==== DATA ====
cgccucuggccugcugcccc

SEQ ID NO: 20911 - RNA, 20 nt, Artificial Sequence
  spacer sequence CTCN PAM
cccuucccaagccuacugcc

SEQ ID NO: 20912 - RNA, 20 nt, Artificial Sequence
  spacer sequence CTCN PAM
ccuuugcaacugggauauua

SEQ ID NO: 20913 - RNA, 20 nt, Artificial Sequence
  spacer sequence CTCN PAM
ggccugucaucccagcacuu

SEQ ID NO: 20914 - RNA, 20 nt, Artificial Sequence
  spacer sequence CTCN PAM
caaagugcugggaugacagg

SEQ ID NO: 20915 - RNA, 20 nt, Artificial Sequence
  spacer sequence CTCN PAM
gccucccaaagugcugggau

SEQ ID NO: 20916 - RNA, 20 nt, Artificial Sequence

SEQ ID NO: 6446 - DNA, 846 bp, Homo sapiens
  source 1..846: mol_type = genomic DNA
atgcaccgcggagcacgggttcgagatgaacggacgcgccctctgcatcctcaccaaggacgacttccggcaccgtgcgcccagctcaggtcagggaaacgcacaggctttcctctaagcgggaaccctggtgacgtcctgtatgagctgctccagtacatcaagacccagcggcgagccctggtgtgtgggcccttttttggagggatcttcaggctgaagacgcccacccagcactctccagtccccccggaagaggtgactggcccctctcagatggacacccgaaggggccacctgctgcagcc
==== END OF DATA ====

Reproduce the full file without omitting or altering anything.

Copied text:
cgccucuggccugcugcccc

SEQ ID NO: 20911 - RNA, 20 nt, Artificial Sequence
  spacer sequence CTCN PAM
cccuucccaagccuacugcc

SEQ ID NO: 20912 - RNA, 20 nt, Artificial Sequence
  spacer sequence CTCN PAM
ccuuugcaacugggauauua

SEQ ID NO: 20913 - RNA, 20 nt, Artificial Sequence
  spacer sequence CTCN PAM
ggccugucaucccagcacuu

SEQ ID NO: 20914 - RNA, 20 nt, Artificial Sequence
  spacer sequence CTCN PAM
caaagugcugggaugacagg

SEQ ID NO: 20915 - RNA, 20 nt, Artificial Sequence
  spacer sequence CTCN PAM
gccucccaaagugcugggau

SEQ ID NO: 20916 - RNA, 20 nt, Artificial Sequence

SEQ ID NO: 6446 - DNA, 846 bp, Homo sapiens
  source 1..846: mol_type = genomic DNA
atgcaccgcggagcacgggttcgagatgaacggacgcgccctctgcatcctcaccaaggacgacttccggcaccgtgcgcccagctcaggtcagggaaacgcacaggctttcctctaagcgggaaccctggtgacgtcctgtatgagctgctccagtacatcaagacccagcggcgagccctggtgtgtgggcccttttttggagggatcttcaggctgaagacgcccacccagcactctccagtccccccggaagaggtgactggcccctctcagatggacacccgaaggggccacctgctgcagcc